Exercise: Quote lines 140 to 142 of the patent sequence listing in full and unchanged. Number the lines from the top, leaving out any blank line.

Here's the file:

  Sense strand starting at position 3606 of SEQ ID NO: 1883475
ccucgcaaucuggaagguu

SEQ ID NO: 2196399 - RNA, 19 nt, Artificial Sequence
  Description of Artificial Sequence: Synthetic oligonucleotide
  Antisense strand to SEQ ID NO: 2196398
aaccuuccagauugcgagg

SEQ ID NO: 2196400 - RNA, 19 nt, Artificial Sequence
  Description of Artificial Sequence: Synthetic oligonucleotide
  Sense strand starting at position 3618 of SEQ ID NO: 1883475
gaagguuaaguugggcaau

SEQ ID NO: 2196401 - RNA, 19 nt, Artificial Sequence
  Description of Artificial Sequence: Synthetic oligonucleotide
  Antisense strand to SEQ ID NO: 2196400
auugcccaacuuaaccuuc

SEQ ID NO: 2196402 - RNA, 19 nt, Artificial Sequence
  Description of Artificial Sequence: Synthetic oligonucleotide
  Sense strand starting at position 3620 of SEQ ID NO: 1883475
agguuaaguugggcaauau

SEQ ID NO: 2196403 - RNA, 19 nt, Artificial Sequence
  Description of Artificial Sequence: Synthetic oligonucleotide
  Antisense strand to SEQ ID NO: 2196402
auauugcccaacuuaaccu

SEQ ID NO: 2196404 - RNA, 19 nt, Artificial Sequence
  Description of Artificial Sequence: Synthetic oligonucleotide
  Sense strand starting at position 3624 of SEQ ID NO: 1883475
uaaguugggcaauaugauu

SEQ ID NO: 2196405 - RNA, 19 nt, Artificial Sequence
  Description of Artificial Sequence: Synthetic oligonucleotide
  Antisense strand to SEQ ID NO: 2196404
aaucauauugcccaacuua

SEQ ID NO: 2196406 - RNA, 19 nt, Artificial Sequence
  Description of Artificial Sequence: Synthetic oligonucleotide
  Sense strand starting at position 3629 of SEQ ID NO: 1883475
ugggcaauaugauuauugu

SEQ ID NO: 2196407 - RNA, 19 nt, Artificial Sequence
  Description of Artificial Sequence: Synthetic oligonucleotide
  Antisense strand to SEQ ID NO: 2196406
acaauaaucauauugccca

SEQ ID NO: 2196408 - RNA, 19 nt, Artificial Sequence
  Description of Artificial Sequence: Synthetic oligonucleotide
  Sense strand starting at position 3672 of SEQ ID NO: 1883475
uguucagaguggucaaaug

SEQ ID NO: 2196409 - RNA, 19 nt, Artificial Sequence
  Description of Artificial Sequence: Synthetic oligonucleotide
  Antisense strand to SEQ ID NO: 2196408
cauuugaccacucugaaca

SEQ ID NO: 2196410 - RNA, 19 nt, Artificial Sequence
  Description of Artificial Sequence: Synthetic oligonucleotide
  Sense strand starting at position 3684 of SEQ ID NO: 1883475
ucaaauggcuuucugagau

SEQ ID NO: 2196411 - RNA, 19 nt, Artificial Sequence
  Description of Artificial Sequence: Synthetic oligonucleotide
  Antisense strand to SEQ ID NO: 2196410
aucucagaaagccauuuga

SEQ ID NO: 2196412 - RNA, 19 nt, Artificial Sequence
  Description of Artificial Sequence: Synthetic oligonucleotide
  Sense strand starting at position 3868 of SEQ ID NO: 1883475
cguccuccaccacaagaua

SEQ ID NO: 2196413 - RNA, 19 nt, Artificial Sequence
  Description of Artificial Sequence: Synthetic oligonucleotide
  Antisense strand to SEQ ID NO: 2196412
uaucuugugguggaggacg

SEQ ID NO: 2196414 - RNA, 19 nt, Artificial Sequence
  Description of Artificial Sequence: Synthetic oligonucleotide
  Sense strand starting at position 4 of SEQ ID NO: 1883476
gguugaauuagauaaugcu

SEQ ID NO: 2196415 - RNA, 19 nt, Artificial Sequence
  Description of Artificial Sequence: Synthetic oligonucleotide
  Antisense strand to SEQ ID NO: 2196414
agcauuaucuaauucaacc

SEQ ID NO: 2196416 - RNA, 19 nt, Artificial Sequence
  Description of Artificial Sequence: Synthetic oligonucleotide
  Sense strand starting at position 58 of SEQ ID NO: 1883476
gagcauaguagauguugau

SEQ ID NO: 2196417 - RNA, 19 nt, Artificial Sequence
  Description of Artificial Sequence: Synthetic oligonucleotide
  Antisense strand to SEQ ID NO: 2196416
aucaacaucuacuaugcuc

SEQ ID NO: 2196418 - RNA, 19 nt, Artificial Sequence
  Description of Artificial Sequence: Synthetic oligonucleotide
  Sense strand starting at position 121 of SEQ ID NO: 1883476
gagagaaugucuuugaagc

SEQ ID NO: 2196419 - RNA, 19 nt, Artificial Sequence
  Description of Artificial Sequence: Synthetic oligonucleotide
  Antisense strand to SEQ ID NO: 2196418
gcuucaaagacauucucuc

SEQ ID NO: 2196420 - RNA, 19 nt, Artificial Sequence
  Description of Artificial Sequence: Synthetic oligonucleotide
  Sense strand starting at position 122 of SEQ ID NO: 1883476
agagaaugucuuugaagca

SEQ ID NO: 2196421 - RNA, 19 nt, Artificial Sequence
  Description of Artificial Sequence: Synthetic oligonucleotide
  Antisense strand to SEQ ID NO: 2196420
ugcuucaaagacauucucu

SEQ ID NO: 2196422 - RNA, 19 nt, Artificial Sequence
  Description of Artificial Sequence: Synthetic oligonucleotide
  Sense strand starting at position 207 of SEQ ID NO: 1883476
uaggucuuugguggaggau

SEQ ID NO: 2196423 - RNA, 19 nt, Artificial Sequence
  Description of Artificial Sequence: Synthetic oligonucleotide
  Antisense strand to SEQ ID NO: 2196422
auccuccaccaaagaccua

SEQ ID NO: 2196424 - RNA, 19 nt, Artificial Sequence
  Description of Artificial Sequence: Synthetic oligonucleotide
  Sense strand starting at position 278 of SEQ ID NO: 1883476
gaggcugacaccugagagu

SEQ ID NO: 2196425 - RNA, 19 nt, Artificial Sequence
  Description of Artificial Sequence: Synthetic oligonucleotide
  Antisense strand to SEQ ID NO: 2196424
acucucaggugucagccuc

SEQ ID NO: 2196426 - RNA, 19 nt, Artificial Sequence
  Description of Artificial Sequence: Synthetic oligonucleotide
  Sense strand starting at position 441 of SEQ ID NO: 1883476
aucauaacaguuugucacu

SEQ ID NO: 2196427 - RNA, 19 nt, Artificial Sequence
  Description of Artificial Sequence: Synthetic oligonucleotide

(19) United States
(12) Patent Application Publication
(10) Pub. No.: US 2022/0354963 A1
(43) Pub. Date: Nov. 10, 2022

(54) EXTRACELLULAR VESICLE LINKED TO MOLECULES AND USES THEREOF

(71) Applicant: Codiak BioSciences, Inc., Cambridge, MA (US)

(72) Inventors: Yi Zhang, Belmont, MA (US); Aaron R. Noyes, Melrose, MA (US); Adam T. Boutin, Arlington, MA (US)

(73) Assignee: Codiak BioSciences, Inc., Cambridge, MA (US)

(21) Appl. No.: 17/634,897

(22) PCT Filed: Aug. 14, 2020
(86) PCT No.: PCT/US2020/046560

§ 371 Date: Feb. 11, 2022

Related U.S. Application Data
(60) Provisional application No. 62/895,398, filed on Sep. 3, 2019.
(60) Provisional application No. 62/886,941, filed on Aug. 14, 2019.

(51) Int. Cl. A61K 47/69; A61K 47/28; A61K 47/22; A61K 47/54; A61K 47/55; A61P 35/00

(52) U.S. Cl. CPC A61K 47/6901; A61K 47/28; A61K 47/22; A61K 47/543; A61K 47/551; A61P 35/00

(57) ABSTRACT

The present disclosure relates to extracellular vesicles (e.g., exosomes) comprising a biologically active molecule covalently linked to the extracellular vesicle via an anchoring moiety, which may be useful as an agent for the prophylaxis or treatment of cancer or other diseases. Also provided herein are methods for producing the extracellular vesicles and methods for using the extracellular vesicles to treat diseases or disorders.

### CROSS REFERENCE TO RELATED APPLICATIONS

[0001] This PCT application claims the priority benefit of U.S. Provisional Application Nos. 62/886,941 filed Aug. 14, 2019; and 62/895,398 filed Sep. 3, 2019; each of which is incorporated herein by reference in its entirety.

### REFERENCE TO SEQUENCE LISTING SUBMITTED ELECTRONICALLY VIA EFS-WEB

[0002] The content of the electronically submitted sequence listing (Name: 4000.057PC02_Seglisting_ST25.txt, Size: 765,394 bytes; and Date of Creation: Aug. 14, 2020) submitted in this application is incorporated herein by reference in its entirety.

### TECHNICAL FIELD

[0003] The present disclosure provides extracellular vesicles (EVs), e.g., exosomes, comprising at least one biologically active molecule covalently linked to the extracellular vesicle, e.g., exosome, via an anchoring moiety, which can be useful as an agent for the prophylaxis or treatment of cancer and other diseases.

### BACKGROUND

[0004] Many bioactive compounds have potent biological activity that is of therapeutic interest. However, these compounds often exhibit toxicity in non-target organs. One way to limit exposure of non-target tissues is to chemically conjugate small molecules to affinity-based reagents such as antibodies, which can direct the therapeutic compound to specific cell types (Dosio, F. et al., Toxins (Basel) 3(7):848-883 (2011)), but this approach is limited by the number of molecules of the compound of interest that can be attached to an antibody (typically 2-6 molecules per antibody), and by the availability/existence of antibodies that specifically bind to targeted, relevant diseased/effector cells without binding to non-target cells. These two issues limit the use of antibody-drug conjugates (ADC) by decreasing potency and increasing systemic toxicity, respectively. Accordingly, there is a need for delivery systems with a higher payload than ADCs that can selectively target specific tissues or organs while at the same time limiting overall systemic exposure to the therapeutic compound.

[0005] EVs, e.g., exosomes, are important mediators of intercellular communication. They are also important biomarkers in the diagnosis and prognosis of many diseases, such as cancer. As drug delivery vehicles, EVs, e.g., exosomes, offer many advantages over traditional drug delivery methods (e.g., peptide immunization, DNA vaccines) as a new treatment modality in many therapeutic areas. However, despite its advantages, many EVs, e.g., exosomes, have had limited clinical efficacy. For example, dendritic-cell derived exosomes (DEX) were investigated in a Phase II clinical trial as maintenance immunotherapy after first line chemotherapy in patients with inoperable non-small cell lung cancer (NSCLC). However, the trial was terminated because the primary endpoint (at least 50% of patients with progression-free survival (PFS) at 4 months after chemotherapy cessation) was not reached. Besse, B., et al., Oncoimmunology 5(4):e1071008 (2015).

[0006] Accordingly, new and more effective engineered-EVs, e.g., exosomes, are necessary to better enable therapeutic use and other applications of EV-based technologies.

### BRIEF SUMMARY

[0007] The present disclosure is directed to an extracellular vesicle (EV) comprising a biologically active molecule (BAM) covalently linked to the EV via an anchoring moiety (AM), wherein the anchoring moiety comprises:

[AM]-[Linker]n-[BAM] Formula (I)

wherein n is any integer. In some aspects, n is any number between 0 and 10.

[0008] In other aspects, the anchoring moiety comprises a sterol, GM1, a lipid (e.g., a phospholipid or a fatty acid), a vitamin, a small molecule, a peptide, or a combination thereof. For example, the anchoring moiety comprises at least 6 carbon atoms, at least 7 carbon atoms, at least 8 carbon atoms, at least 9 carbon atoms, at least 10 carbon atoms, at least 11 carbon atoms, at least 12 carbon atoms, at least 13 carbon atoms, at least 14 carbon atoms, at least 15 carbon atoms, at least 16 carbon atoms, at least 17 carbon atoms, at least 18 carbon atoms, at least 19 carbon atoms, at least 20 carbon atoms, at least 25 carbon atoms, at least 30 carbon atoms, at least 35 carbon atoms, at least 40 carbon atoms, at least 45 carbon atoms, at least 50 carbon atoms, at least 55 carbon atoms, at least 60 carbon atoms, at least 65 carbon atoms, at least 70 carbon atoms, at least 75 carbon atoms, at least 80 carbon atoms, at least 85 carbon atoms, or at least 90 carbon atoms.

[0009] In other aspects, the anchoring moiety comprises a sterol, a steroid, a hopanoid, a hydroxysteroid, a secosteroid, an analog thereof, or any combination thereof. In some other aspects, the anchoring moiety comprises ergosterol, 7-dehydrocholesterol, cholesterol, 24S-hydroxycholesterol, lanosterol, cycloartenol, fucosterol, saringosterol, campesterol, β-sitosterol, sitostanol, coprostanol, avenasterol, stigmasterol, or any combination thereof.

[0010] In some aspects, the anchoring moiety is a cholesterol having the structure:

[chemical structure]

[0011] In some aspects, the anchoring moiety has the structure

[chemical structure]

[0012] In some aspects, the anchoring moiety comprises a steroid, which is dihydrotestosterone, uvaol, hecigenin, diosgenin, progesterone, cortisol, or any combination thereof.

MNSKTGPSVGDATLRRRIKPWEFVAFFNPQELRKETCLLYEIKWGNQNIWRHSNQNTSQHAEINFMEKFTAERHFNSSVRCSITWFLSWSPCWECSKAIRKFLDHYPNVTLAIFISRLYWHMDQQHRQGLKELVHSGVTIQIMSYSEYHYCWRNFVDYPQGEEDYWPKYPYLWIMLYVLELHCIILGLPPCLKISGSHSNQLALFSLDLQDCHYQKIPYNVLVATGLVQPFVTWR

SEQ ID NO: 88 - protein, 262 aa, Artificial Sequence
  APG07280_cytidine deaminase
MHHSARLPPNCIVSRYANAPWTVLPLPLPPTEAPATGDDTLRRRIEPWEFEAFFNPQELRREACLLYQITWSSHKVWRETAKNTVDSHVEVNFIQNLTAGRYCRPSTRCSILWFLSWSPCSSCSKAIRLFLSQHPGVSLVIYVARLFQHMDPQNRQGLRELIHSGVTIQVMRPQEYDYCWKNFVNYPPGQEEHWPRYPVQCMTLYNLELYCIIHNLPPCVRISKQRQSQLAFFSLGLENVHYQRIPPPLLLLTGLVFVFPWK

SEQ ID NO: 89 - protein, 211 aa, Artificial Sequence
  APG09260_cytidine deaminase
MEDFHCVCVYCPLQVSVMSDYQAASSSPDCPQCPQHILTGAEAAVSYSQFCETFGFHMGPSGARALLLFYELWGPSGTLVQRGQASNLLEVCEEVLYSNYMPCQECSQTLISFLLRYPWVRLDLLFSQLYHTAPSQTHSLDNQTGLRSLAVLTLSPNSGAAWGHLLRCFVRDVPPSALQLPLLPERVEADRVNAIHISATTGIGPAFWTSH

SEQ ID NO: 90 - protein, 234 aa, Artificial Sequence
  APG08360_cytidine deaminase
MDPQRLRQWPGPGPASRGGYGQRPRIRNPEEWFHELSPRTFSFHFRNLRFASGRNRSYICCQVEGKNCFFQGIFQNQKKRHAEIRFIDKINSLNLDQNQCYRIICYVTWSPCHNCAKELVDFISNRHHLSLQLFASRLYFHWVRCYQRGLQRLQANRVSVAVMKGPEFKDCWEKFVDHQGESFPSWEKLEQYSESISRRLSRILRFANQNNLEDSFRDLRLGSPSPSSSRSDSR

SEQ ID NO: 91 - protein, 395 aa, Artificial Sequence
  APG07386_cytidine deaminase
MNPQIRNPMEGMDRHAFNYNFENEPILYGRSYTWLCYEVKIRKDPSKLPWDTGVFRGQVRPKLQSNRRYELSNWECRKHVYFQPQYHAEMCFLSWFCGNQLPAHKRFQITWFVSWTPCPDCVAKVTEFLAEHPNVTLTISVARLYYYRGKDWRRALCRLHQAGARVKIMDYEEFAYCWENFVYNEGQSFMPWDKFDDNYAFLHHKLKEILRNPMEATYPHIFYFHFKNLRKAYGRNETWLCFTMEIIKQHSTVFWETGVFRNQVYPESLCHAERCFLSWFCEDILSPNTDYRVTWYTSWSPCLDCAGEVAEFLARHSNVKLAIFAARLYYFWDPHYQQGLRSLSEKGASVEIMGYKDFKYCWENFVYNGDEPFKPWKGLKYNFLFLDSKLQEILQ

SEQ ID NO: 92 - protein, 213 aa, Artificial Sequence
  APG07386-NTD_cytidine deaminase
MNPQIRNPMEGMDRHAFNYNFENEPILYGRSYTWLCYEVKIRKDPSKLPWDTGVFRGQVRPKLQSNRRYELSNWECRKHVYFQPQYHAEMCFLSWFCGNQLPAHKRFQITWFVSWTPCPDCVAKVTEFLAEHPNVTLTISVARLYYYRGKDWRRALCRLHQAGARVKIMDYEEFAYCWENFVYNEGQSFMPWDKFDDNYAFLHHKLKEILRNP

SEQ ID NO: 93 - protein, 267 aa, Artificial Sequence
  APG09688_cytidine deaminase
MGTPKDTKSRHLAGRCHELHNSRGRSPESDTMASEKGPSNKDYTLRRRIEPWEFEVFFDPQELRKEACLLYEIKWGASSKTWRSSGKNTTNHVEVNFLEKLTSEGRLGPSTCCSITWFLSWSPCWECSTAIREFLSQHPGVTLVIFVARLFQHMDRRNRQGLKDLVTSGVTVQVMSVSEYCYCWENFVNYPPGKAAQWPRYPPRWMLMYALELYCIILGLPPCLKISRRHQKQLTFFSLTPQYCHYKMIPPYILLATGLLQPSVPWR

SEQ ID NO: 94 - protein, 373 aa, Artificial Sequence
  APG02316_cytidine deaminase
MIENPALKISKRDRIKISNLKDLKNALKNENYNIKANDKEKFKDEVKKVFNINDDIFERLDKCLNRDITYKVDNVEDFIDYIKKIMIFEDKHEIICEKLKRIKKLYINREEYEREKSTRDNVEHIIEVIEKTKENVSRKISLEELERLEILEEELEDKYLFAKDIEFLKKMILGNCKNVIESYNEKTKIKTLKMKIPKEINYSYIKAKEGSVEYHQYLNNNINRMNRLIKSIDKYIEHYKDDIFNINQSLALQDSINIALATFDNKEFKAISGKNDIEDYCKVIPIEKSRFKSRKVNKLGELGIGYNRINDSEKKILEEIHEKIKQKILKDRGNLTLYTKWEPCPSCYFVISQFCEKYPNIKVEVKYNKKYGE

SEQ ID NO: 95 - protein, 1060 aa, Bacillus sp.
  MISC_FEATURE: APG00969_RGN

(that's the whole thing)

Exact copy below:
### TECHNICAL FIELD

[0003] The present disclosure provides extracellular vesicles (EVs), e.g., exosomes, comprising at least one biologically active molecule covalently linked to the extracellular vesicle, e.g., exosome, via an anchoring moiety, which can be useful as an agent for the prophylaxis or treatment of cancer and other diseases.

### BACKGROUND